The environmental campaign group projected footage of protesters objecting to the £150m expansion on Leeds Town Hall on Thursday.
Campaigners from Extinction Rebellion, GALBA (Group for Action on Leeds Bradford Airport), XR Families, Youth Strike for Climate, Clean Air groups and Greenpeace Leeds appeared in the video, three weeks after the project was given the go-ahead.
Leeds City Council approved the ambitious plans in principle during a planning meeting last month, which was met with fury from the campaigners.
The expansion plans include a new terminal with three main floors and improved vehicle access, which is to be built closer to a proposed new ‘parkway’ rail station, new car parking areas, as well as a new bus terminal and taxi drop-off facilities to the front of the new passenger terminal.
Extinction Rebellion says the expansion would increase greenhouse gas emissions at the airport "dramatically" during the next 10 years.
A lone protester threw fake 'blood' on the steps of Leeds Civic Hall following the council's decision to approve the plans and the latest protest has been staged online due to the ongoing lockdown.
A young mother who appears in the footage said: “I am appalled at their decision. Air pollution is killing people in Leeds and all over the world. We don’t need any more planes.”
Her toddler daughter holds up a sign that says 'our children are suffering'.
A spokesperson from Extinction Rebellion said: “Leeds City Council has made its worst ever environmental decision. Airport expansion flies in the face of the Council’s declaration of a climate emergency in 2019.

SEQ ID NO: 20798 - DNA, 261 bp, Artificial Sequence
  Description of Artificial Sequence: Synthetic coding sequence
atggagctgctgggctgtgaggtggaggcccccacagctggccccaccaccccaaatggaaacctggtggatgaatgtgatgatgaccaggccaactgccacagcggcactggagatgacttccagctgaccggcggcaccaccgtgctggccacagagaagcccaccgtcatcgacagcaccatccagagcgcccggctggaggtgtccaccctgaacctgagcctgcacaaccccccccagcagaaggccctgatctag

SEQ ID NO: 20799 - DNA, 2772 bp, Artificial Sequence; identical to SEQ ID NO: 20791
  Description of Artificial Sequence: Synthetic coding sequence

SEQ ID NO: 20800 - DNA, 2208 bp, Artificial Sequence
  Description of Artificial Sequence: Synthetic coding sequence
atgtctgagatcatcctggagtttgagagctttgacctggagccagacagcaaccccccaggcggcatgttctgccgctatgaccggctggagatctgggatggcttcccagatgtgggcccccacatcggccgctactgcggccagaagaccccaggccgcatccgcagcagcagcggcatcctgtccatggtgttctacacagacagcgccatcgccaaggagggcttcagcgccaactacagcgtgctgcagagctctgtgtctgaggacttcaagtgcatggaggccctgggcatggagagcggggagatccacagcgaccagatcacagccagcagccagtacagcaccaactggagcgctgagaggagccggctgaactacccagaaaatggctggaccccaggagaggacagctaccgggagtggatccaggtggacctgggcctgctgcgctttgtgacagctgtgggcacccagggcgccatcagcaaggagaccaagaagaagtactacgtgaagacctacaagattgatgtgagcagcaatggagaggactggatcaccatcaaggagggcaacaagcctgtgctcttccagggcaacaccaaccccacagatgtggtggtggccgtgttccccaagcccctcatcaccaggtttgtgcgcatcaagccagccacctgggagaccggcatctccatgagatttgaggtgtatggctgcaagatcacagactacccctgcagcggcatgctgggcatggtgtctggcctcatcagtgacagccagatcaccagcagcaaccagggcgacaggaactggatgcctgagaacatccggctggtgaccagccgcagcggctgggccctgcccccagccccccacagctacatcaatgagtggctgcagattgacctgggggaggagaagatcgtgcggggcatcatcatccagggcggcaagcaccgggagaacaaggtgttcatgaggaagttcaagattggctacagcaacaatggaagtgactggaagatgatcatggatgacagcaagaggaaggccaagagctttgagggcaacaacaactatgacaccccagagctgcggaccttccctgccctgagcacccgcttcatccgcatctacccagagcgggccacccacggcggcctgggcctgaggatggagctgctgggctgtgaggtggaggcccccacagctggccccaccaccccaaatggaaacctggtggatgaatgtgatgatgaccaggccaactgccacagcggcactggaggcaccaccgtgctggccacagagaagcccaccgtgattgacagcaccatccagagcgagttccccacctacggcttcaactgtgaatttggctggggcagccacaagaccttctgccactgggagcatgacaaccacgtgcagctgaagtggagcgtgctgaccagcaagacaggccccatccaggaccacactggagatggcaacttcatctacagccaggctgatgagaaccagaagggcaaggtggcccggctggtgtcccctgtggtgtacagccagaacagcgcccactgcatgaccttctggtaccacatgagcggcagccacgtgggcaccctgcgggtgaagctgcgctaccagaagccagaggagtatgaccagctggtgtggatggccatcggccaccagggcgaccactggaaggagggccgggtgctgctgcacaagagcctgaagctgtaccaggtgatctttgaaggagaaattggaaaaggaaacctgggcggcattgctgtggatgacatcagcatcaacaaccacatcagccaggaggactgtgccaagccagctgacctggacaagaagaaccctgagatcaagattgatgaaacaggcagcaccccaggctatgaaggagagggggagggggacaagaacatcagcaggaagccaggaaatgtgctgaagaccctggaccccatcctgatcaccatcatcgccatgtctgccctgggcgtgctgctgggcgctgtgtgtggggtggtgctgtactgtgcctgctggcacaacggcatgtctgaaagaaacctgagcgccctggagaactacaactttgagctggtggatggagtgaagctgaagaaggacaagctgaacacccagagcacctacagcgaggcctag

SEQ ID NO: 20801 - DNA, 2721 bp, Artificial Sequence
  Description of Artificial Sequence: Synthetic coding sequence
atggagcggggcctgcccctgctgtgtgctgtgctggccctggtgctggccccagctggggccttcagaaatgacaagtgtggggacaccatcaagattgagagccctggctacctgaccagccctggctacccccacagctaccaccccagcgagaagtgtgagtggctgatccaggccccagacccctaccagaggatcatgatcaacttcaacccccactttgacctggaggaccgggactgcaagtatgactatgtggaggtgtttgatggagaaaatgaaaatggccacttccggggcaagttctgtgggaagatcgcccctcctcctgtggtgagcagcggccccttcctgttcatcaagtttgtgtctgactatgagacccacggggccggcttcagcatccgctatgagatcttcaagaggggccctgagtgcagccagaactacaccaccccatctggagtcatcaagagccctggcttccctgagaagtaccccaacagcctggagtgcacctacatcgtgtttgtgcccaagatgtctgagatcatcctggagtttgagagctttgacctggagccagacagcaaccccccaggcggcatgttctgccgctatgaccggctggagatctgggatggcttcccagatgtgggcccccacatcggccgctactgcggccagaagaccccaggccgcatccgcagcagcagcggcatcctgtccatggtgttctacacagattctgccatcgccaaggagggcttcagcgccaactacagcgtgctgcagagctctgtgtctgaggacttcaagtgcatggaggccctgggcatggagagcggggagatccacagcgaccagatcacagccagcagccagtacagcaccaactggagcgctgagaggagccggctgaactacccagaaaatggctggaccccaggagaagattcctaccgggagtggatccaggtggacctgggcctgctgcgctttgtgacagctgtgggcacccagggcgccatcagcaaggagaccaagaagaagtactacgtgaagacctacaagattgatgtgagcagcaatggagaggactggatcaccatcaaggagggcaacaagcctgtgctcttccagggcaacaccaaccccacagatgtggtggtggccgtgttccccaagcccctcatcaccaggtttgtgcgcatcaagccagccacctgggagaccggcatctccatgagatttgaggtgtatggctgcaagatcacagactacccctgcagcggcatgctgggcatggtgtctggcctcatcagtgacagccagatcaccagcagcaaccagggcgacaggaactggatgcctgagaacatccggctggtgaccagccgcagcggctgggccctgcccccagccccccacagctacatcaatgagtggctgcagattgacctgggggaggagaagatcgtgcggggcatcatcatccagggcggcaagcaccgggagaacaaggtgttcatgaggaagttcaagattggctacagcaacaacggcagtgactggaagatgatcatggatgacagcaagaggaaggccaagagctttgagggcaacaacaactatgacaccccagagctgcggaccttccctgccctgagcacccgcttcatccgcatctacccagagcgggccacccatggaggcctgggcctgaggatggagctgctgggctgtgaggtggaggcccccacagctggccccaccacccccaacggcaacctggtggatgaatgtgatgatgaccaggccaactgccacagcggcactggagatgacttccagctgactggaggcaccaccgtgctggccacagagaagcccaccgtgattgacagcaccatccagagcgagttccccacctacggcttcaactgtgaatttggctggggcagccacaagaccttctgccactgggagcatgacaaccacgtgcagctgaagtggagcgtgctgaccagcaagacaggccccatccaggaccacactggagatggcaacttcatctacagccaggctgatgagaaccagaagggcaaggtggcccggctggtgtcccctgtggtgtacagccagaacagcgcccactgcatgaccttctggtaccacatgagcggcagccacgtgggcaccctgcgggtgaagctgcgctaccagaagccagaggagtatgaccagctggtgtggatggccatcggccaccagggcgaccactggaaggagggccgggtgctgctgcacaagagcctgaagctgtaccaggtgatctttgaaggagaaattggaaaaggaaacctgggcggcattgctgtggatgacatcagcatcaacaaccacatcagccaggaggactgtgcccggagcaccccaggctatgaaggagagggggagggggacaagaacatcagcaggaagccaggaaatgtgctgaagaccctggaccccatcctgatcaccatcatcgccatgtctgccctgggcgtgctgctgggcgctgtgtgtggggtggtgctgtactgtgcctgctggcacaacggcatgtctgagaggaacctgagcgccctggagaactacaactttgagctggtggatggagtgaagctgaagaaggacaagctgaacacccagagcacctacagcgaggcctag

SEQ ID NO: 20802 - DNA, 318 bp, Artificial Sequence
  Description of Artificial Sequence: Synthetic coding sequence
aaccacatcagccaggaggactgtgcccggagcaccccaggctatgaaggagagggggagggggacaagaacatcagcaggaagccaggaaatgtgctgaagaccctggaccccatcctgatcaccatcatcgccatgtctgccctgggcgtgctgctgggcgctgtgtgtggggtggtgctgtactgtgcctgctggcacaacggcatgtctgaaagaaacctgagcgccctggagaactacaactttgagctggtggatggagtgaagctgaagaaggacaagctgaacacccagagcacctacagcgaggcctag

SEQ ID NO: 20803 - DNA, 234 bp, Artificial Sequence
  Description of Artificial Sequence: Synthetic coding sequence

"Independent research shows that the increase in flights and passengers will use up all the city’s carbon budget in the coming decades.
"The council chose to ignore expert advice about greenhouse gas emissions, and about the negative impact of increased air pollution and noise on the health of people in the region. The Council was presented with evidence that the economic benefits promised by the airport are exaggerated.
"Yet, they decided to approve anyway. We believe that the council’s decision is wrong in law, wrong for our communities and wrong for our climate. Leeds City Council has put itself on the wrong side of history.”
Following the approval of the plans, a spokesperson for Leeds City Council said: "The council recognises that the Leeds Bradford Airport planning application has been the subject of much public debate and, from the moment it was first submitted, full and proper attention has been paid to the evidence and arguments put forward by supporters and opponents alike.
“There were a large number of matters for plans panel members to consider during this process, including the council’s declaration of a climate emergency and the issue of increasing carbon emissions from flights.
"Current Government policy points to these emissions being something that should be primarily tackled at a national level – and addressed through international agreements and protocols – rather than by suppressing growth at individual airports in a way that could simply export passengers to other nearby airports at a higher financial cost to them and increase surface transport emissions.
"The city plans panel also took into account matters such as the impact of aircraft noise on residents and the airport’s proposals for noise mitigation and landscaping as well as planned accessibility improvements designed to encourage a greater proportion of passengers and staff to use public transport for their journeys to and from the site.
"In addition, the airport’s plans showed that the proposed new terminal would replace the outdated and inefficient existing terminal and be built to a higher standard of environmental performance that would also provide an improved ‘gateway’ to Leeds, with an associated creation of new jobs.
"The application has been approved by the city plans panel today taking into consideration all of these issues, subject to a change and tightening up of certain conditions being discussed and agreed with the applicant, a section 106 agreement and referral to the Secretary of State for Housing, Communities and Local Government. The council is keen to continue working closely with local residents, businesses, community associations and the airport as the development begins to take shape.”